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As a man, Pugin was passionate, intense, naïve, impatient, combative and funny.

In his library, surrounded and sometimes interrupted by his large family, Pugin produced much of his finest work, working at prodigious speed as designs for the House of Lords and the Medieval Court at the Great Exhibition flowed effortlessly from his pen.

He reserved some of his finest flourishes for his own home: some remain, others we have reinstated.

The house has a private chapel and a tower, from whose roof Pugin trained his telescope on ships in distress (today’s Landmarkers can also climb out to watch more modern shipping from the freight ferry terminal, visible from the first floor and above).

We have returned most of the house to an appearance that Pugin himself would recognise, including the intricate, jewel-bright interiors (the north courtyard and a bedroom are presented as left by Edward Pugin, who lived at The Grange after his father’s death).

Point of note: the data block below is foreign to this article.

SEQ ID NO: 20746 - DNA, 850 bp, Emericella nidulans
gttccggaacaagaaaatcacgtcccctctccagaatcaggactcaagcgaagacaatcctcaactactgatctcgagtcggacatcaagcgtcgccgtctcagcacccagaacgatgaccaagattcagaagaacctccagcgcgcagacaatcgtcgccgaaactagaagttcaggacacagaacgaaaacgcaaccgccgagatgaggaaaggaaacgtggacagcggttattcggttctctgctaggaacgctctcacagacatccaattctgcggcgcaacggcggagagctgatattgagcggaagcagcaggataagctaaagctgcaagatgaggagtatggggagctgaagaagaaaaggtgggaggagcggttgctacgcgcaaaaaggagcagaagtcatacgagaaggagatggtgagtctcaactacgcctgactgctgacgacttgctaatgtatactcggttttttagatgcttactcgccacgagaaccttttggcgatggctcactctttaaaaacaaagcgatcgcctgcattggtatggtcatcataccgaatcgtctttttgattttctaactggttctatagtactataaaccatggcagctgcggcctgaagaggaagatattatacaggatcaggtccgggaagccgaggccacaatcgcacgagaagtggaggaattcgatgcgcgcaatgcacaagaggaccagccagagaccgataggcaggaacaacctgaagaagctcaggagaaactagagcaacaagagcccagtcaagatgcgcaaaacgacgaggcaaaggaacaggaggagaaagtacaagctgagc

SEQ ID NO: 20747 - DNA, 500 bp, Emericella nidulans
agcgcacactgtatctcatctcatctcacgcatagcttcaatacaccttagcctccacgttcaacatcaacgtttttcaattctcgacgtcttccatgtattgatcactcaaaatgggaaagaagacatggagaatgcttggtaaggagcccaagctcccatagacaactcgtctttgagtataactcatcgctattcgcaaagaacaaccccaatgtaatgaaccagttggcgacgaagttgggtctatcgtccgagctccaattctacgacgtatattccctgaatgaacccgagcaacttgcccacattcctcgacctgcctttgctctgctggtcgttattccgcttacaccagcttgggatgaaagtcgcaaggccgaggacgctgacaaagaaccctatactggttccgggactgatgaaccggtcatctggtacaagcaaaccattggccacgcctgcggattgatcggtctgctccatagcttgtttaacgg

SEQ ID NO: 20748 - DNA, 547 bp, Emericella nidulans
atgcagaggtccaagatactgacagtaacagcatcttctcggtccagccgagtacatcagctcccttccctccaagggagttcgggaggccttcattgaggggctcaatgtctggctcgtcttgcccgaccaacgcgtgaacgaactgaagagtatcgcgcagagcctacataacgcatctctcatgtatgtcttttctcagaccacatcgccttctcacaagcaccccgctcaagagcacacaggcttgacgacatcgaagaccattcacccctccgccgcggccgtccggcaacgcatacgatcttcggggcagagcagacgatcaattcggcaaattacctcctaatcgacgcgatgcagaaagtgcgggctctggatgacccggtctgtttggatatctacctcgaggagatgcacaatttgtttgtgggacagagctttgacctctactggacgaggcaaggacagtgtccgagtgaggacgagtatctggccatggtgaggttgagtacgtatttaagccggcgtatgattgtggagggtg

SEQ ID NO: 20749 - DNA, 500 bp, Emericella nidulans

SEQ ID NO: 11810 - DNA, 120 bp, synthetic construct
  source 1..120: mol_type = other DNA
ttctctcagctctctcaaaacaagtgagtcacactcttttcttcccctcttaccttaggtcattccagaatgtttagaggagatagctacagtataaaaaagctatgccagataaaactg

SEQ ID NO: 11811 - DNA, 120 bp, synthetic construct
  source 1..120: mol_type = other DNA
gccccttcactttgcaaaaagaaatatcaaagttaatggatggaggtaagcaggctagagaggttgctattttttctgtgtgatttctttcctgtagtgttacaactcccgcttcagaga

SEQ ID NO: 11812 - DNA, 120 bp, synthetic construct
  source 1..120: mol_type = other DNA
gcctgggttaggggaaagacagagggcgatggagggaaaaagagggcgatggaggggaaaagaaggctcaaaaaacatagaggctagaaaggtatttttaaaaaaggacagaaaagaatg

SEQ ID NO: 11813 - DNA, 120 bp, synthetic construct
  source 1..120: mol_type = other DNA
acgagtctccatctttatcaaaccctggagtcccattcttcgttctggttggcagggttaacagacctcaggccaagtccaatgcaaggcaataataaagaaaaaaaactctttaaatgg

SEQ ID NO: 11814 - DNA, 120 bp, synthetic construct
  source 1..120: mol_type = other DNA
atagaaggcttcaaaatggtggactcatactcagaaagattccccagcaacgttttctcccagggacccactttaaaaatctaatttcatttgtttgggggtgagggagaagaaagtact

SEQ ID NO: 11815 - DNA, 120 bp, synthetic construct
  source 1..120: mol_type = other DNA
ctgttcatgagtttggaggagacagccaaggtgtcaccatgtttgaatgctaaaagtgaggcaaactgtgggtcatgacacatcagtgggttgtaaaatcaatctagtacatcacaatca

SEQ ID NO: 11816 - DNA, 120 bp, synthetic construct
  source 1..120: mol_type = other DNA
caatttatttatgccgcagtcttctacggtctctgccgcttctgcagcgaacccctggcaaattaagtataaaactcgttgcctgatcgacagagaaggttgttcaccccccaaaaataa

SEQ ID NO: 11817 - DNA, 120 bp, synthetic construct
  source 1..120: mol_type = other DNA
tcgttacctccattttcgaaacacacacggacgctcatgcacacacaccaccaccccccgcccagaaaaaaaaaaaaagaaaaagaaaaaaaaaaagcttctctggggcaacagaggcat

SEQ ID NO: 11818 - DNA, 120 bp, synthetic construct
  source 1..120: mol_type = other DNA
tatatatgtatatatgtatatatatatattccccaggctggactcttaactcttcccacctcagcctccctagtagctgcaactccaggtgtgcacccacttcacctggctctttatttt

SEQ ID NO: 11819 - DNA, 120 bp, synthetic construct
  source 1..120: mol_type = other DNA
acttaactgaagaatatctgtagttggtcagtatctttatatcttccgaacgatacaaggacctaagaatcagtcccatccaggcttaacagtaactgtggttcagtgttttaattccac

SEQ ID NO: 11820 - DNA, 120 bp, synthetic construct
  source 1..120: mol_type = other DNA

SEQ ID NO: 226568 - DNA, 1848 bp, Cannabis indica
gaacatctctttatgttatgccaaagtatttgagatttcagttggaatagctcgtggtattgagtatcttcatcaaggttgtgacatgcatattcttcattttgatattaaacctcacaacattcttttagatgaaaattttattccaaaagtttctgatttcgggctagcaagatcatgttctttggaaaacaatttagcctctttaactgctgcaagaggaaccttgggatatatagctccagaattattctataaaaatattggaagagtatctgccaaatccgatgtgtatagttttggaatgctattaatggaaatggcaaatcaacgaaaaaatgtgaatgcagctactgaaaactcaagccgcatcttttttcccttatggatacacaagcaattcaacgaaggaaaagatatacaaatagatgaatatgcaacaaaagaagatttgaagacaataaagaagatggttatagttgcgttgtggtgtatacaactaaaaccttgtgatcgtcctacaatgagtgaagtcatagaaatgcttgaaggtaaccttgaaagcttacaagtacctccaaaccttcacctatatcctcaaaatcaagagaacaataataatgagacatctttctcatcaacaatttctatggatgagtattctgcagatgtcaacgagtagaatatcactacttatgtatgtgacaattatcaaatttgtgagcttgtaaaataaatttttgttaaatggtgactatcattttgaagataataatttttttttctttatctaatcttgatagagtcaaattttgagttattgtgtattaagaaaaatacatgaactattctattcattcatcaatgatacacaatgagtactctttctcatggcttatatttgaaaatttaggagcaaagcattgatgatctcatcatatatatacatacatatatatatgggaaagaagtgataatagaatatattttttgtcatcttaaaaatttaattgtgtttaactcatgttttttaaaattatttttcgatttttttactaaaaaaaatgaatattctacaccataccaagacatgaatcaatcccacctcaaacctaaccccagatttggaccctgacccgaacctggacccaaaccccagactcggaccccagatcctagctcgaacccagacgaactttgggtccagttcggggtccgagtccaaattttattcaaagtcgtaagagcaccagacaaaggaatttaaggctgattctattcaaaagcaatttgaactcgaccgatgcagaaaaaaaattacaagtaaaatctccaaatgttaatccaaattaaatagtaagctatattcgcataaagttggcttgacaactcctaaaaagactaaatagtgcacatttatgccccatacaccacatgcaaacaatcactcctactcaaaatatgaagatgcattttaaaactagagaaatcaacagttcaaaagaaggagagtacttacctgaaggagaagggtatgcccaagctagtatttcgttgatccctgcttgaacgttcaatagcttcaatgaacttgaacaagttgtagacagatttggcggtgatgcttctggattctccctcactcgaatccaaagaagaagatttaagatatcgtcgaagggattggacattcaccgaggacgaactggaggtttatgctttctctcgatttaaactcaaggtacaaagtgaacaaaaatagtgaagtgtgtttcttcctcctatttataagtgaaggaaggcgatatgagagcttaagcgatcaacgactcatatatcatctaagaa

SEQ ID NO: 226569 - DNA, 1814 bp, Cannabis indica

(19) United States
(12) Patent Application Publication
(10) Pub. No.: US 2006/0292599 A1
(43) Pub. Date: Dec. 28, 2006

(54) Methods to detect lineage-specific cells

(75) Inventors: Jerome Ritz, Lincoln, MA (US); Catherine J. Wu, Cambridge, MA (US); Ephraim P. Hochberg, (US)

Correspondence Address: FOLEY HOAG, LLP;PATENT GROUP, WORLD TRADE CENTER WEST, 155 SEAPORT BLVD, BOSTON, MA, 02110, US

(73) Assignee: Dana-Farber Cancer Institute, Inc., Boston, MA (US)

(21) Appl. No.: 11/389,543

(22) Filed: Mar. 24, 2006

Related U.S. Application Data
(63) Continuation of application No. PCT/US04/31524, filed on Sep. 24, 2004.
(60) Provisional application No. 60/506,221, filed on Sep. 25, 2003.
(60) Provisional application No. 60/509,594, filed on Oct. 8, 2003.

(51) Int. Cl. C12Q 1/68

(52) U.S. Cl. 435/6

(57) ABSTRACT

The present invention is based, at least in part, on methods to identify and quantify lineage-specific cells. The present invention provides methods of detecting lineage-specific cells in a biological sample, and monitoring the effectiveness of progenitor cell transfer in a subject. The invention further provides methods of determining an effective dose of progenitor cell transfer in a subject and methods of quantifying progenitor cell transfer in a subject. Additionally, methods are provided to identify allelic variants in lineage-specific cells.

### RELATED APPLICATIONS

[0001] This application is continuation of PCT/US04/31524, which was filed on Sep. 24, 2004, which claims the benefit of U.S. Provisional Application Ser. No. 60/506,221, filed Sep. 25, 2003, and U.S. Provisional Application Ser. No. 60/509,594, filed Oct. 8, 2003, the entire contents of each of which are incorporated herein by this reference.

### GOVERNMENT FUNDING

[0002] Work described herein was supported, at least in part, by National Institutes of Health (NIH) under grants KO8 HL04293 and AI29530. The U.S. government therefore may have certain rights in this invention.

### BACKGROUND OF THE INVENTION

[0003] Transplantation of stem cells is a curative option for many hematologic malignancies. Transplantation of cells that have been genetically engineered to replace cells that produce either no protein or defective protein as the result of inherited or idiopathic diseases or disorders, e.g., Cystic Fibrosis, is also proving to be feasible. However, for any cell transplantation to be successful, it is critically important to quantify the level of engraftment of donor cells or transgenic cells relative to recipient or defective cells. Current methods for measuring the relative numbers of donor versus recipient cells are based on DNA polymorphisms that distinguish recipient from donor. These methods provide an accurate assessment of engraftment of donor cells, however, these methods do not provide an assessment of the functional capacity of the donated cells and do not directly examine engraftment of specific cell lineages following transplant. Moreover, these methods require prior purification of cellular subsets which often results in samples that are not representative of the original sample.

This cheerful and uncontrived asymmetry became and remains such a familiar feature of English domestic architecture that it is easy to forget how radical it was after the formal terraces of the 18th century.

The principle it reflects, that form should follow function, remains central to much of today’s architecture.

However, it is quietly revolutionary in the arrangement of rooms and their outward expression in architecture.